Guest columnist Gwen Agna: What if we reimagine schooling

  • Gwen Agna stands near the entrance to Jackson Street School with Jackson, the therapy dog. Agna retired after 24 years as principal and is spending her last months working from home. GAZETTE FIE PHOTO

Published: 10/22/2020 9:26:46 AM

“Everything is everything

What is meant to be, will be

After winter, must come spring

Change, it comes eventually

Everything is everything”

Lauryn Hill — “Everything is Everything”

After 24 years as Jackson Street School’s principal, 30 years in the district, and 45 years in education, amidst a pandemic and schools shutdown, it was an unexpected way to end my time at the school. It has given me an opportunity to reflect on the state of teaching and learning in these troubled times.

I have observed, as others have, that the necessity of remote learning has only highlighted even more the inequities in our society, in schools, and in all aspects of our country. Working with countless dedicated and talented teachers, ESPs, clerical, cafeteria, custodial personnel, and administrators over the years, I know the enormous effort required to make up for lack of support, to respectfully listen to the opinions of the general public, and to try to mitigate the many outside factors that have a negative impact on the lives of children and the ability of schools to succeed.

Educators commit so much of their lives in guiding their students and are accustomed to making do with less, often using their own money to supplement their meager budgets, and standing up to criticism from the sidelines.

Whether there is a pandemic or not, there is the shameful social injustice and disparity that plagues families. Many find the stain of racism impossible to even recognize, let alone make efforts to redress.

Educators try to level the playing field for students, but educators should not and cannot be solely responsible for the disparities. They find themselves, before the pandemic and even moreso now, struggling to fill these gaps, advocating for funding necessary to ensure that schools have sufficient resources, and trying to repair the damage that our society continues to inflict on our most vulnerable.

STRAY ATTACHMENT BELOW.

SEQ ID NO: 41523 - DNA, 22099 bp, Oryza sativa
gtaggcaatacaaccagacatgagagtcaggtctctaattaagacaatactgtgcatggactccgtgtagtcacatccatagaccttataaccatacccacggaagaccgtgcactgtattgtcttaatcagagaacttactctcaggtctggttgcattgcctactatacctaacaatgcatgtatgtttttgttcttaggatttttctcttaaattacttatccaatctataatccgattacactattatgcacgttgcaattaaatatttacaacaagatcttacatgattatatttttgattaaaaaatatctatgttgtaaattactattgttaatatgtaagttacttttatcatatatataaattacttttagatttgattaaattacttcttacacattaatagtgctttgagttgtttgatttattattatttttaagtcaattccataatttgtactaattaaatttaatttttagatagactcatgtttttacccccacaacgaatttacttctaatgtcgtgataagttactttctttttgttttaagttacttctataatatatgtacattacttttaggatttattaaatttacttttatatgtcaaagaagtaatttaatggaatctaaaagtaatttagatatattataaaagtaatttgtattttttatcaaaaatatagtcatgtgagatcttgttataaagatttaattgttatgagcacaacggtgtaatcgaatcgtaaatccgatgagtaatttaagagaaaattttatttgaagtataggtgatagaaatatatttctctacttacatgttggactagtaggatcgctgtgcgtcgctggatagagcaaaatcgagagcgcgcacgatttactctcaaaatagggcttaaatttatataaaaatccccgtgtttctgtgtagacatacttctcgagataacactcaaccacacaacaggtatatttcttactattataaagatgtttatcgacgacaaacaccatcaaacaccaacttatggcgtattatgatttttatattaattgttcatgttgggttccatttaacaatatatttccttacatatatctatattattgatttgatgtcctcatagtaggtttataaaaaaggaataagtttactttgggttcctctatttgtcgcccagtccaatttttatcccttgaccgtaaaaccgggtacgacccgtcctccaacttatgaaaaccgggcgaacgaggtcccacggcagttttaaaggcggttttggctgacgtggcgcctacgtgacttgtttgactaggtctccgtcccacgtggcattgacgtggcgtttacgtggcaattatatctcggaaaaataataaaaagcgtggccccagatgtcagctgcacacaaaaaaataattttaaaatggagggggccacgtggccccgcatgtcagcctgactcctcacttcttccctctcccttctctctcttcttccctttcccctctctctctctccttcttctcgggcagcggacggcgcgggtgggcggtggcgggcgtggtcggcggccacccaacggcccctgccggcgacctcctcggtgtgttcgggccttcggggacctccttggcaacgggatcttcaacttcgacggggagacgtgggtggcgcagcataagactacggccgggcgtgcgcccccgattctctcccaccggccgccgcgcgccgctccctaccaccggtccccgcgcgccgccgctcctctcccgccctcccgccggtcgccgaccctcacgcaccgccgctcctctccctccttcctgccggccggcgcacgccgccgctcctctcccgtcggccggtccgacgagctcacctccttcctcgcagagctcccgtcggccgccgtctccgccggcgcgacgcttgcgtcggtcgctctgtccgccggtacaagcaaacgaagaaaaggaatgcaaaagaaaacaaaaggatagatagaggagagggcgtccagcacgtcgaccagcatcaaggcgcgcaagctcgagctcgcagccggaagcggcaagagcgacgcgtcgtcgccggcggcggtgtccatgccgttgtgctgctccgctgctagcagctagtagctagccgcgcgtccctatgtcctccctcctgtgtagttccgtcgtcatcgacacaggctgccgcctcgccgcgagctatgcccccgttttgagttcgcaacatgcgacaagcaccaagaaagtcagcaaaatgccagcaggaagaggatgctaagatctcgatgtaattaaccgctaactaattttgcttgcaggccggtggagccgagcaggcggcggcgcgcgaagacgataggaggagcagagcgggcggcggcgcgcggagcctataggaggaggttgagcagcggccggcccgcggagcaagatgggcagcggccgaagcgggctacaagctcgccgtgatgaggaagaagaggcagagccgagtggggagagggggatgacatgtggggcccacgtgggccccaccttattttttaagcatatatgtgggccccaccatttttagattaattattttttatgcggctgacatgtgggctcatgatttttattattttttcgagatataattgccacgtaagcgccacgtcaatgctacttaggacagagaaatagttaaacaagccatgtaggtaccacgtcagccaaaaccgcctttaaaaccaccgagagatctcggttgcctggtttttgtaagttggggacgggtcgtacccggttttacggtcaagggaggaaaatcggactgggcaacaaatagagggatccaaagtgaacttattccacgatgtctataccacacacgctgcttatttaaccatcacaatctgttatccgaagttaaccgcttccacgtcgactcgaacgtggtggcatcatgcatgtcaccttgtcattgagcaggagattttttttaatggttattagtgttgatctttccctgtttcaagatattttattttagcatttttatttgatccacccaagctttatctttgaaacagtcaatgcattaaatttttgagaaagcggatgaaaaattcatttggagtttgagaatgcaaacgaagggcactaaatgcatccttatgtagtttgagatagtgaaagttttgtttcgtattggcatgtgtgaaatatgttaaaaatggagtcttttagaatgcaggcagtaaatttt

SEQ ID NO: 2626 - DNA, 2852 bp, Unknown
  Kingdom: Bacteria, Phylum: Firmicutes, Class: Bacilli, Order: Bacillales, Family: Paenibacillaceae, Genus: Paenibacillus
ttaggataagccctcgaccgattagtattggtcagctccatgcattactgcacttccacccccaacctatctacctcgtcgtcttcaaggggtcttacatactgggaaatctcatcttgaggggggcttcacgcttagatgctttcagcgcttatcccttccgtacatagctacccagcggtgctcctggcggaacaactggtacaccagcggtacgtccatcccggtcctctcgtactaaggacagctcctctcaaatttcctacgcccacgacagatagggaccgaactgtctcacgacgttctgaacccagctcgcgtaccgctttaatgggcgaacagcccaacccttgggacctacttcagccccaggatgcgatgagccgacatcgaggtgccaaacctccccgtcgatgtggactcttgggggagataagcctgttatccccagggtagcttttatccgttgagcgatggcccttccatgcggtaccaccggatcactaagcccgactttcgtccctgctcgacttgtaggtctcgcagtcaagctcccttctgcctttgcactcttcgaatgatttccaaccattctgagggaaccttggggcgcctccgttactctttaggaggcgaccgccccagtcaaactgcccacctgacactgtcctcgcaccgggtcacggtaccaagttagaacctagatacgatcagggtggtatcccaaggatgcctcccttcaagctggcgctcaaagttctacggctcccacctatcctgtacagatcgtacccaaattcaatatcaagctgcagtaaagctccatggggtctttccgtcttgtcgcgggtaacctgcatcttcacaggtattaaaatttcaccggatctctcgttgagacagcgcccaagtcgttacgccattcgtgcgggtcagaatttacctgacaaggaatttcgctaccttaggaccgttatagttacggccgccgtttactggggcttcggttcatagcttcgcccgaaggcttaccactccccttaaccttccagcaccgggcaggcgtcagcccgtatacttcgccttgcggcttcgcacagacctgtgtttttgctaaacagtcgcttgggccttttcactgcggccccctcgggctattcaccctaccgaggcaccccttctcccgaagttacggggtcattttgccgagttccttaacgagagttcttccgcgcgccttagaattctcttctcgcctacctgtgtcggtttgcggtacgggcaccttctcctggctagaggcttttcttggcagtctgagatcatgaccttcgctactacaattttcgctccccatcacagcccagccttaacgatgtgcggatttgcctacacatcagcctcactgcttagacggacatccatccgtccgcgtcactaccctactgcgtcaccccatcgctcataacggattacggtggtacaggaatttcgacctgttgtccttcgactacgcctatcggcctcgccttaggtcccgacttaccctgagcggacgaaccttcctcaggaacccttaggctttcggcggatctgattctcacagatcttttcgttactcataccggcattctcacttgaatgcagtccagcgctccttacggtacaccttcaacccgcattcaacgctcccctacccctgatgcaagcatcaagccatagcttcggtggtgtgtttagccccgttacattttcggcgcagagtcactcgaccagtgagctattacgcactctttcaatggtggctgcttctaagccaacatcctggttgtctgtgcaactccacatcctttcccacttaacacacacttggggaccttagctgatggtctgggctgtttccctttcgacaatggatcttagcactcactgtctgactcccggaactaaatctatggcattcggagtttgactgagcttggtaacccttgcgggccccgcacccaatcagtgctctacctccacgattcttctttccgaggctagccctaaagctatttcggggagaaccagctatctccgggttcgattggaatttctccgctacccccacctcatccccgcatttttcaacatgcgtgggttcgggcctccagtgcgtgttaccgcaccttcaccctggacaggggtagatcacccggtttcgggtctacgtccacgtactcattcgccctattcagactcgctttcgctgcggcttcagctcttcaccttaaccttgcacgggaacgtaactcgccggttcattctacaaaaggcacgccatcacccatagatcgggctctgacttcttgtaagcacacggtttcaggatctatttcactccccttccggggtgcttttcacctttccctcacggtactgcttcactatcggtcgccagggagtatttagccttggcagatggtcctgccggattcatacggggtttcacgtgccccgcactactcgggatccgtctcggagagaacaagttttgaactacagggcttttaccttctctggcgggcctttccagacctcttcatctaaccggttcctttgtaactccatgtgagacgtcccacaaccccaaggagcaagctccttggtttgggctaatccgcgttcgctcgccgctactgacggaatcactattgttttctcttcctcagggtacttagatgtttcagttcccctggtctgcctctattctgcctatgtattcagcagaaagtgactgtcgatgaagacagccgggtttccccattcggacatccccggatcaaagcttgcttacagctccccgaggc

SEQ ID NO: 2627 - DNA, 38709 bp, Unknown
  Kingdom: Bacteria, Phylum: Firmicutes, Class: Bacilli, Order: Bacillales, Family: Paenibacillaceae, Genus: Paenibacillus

In these days of separation, isolation and remote or hybrid learning, I am hearing a collective quest to make change.

What if the our schools get all the money they need and the Air Force has to hold a bake sale to buy a bomber — from a 1975 poster. In order to achieve this, there must be reprioritizing of our federal budget, as well as major tax reform in which we all pay our fair share. Taxation to fund education should be progressive and less reliant on local property taxes.

What if, in this reprioritizing funding and tax reform, health care were universally available and housing, education (including higher), and availability of jobs were an established part of our social contract in the U.S.? There are examples in many countries — no wheel needs to be reinvented, just strapped onto the American wheelhouse. As John Lennon wrote, “You may say I’m a dreamer, but I’m not the only one.”

What if we actualized the intent of assessment in the Education Reform Act of 1993, in the form of the MCAS. The initials stand for Massachusetts Comprehensive Assessment Systems — yes, that is plural. Originally, the plan as written was intended to encourage holistic assessment — to include portfolio assessment, student exhibitions and self-assessments, narratives from teachers, and other forms of authentic assessment, as well as a state test based on the curriculum frameworks.